Here is the code:

//If Object.create isn't already defined, we just do the simple shim, without the second argument,
//since that's all we need here
var object_create = Object.create;
if (typeof object_create !== 'function') {
    object_create = function(o) {
        function F() {}
        F.prototype = o;
        return new F();

 * Deep copy an object (make copies of all its object properties, sub-properties, etc.)
 * An improved version of
 * that doesn't break if the constructor has required parameters
 * It also borrows some code from
function deepCopy = function deepCopy(src, /* INTERNAL */ _visited) {
    if(src == null || typeof(src) !== 'object'){
        return src;

    // Initialize the visited objects array if needed
    // This is used to detect cyclic references
    if (_visited == undefined){
        _visited = [];
    // Ensure src has not already been visited
    else {
        var i, len = _visited.length;
        for (i = 0; i < len; i++) {
            // If src was already visited, don't try to copy it, just return the reference
            if (src === _visited[i]) {
                return src;

    // Add this object to the visited array

    //Honor native/custom clone methods
    if(typeof src.clone == 'function'){
        return src.clone(true);

    //Special cases:
    if ( == '[object Array]') {
        //[].slice(0) would soft clone
        ret = src.slice();
        var i = ret.length;
        while (i--){
            ret[i] = deepCopy(ret[i], _visited);
        return ret;
    if (src instanceof Date) {
        return new Date(src.getTime());
    if (src instanceof RegExp) {
        return new RegExp(src);
    //DOM Element
    if (src.nodeType && typeof src.cloneNode == 'function') {
        return src.cloneNode(true);

    //If we've reached here, we have a regular object, array, or function

    //make sure the returned object has the same prototype as the original
    var proto = (Object.getPrototypeOf ? Object.getPrototypeOf(src): src.__proto__);
    if (!proto) {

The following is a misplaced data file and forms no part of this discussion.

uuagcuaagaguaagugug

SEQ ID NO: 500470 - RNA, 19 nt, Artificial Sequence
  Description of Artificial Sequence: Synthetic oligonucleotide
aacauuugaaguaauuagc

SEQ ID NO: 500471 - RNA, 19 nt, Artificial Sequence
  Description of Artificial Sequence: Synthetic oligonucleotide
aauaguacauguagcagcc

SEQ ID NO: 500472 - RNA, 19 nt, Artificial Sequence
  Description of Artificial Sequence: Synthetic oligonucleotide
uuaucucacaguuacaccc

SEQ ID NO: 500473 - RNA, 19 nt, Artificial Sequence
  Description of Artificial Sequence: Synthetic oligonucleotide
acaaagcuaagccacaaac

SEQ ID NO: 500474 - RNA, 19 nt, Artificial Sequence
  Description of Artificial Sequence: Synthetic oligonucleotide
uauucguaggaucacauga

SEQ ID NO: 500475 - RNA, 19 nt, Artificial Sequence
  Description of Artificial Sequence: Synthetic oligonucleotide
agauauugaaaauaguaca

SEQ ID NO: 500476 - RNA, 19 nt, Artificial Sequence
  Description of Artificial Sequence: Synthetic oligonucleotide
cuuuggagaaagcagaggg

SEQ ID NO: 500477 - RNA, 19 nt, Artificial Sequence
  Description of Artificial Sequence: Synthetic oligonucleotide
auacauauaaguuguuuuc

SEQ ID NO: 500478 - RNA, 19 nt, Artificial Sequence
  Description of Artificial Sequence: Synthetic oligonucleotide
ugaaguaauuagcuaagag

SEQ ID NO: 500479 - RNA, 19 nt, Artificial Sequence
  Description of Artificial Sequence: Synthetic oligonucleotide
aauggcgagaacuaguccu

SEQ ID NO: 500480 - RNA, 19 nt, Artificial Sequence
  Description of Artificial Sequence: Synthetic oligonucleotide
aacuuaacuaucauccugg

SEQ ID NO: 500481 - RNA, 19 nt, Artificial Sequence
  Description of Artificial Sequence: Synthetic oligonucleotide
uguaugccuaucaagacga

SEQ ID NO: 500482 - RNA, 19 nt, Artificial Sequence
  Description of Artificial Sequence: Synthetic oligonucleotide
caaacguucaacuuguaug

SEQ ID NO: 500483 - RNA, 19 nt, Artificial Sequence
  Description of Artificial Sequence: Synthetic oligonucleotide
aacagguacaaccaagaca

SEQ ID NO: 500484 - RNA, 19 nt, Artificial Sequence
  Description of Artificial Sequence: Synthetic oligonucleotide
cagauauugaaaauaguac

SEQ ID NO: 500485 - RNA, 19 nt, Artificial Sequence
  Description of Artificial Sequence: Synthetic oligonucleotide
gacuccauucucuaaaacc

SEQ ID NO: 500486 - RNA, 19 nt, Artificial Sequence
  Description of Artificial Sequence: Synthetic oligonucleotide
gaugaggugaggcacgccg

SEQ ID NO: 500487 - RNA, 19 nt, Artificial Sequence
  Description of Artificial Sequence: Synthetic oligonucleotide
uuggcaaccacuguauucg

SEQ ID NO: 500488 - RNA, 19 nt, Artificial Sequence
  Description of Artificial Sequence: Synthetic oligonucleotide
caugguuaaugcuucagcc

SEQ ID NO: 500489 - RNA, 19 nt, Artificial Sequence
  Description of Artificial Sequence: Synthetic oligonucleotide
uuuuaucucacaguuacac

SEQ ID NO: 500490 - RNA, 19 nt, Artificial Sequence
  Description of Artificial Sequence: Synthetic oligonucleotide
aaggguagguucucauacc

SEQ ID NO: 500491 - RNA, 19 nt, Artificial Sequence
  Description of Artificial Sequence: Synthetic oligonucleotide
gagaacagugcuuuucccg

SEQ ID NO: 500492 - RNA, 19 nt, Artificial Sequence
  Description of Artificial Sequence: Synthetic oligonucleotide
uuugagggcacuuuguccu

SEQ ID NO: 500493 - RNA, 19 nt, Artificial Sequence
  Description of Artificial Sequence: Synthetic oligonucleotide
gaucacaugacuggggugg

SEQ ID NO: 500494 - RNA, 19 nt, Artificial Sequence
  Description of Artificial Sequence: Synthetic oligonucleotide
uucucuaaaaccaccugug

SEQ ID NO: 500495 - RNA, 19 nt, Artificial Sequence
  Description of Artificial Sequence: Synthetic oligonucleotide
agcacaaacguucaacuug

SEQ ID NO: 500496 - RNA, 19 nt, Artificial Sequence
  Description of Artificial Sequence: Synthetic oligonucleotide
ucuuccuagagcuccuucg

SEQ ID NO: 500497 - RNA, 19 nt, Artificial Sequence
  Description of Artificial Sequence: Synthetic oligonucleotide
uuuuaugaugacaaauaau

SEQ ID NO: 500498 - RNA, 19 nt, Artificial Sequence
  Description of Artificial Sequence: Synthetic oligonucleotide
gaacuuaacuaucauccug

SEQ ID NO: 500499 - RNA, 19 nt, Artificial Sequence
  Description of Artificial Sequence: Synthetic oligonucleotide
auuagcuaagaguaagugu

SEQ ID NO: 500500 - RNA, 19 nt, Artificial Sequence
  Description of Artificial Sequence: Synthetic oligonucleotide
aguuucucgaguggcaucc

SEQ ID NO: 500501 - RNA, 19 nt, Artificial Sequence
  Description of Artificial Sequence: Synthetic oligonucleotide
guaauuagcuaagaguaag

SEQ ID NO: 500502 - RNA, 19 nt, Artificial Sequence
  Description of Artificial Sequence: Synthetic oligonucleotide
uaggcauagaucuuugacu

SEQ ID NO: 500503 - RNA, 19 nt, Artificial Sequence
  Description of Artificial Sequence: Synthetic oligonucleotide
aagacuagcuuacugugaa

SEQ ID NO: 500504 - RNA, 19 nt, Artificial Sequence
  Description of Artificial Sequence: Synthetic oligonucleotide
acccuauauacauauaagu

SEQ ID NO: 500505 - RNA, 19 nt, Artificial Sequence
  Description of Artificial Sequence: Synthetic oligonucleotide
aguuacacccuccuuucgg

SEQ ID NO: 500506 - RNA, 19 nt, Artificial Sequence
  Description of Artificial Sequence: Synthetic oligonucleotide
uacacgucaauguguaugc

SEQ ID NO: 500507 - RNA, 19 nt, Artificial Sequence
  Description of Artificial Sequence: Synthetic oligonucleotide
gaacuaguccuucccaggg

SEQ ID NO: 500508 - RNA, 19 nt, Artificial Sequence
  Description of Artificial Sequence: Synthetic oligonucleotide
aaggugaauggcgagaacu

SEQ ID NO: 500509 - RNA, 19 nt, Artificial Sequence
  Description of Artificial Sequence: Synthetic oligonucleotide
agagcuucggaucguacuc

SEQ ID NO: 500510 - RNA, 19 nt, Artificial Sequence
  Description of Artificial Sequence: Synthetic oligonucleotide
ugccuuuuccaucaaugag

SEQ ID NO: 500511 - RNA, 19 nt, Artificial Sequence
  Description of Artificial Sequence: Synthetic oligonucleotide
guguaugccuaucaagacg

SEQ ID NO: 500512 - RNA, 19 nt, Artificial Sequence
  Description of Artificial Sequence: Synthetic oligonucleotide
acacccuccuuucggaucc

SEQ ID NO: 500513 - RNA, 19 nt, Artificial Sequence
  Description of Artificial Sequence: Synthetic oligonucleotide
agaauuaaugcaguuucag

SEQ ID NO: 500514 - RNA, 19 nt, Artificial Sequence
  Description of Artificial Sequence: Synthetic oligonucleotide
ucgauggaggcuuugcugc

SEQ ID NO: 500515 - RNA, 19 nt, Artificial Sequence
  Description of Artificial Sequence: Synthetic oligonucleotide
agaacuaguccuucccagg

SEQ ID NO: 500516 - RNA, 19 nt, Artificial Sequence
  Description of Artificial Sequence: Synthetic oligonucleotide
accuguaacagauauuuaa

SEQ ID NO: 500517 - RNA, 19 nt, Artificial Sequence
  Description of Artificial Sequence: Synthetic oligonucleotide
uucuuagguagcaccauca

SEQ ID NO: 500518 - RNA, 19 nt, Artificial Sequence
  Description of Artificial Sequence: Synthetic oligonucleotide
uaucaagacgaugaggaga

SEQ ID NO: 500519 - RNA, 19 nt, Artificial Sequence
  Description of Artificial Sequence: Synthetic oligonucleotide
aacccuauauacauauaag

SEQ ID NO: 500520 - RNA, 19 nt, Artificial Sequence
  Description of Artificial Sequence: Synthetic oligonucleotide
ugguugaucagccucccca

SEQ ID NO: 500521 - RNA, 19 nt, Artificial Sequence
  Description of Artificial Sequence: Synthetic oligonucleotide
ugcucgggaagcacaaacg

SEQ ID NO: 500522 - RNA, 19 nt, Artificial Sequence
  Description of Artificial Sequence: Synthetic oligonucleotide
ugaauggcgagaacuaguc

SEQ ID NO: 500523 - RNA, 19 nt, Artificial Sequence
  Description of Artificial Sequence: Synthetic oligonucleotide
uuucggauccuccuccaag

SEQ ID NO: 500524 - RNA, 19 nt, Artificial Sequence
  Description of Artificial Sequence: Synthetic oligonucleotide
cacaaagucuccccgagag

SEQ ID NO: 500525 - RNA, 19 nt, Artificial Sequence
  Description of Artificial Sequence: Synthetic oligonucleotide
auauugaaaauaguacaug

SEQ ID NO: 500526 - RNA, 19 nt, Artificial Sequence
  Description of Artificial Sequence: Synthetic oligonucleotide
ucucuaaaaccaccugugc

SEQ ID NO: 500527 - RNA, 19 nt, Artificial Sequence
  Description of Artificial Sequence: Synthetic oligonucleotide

proto = src.constructor.prototype; //this line would probably only be reached by very old browsers 
    var ret = object_create(proto);

    for(var key in src){
        //Note: this does NOT preserve ES5 property attributes like 'writable', 'enumerable', etc.
        //For an example of how this could be modified to do so, see the singleMixin() function
        ret[key] = deepCopy(src[key], _visited);
    return ret;

You can prototype object and then call object instance every time you want to use and change object:

function object () {
  this.x = 5;
  this.y = 5;
var obj1 = new object();
var obj2 = new object();
obj2.x = 6;
console.log(obj1.x); //logs 5

You can also pass arguments to object constructor

function object (x, y) {
   this.x = x;
   this.y = y;
var obj1 = new object(5, 5);
var obj2 = new object(6, 6);
console.log(obj1.x); //logs 5
console.log(obj2.x); //logs 6

Hope this is helpful.


I'm surprised Object.assign hasn't been mentioned.

let cloned = Object.assign({}, source);

If available (e.g. Babel), you can use the object spread operator:

let cloned = { ... source };
Object.defineProperty(Object.prototype, "extend", {
    enumerable: false,
    value: function(from) {
        var props = Object.getOwnPropertyNames(from);
        var dest = this;
        props.forEach(function(name) {
            if (name in dest) {
                var destination = Object.getOwnPropertyDescriptor(from, name);
                Object.defineProperty(dest, name, destination);
        return this;

This will define an extend method that you can use. Code comes from this article.

var obj2 = JSON.parse(JSON.stringify(obj1));

Check out underscore.js. It has both clone and extend and many other very useful functions.

This can be useful: Using the Underscore module with Node.js


If you're using coffee-script, it's as easy as:

newObject = {}
newObject[key] = value  for own key,value of oldObject

Though this isn't a deep clone.


None of the answers satisfied me, several don't work or are just shallow clones, answers from @clint-harris and using JSON.parse/stringify are good but quite slow. I found a module that does deep cloning fast:

npm install node-v8-clone

Fastest cloner, it open native clone method from node.js

var clone = require('node-v8-clone').clone;
var newObj = clone(obj, true); //true - deep recursive clone

Another solution is to encapsulate directly in the new variable using: obj1= {...obj2}


You can also use this clone library to deep clone objects.

 npm install --save clone
const clone = require('clone');

const clonedObject = clone(sourceObject);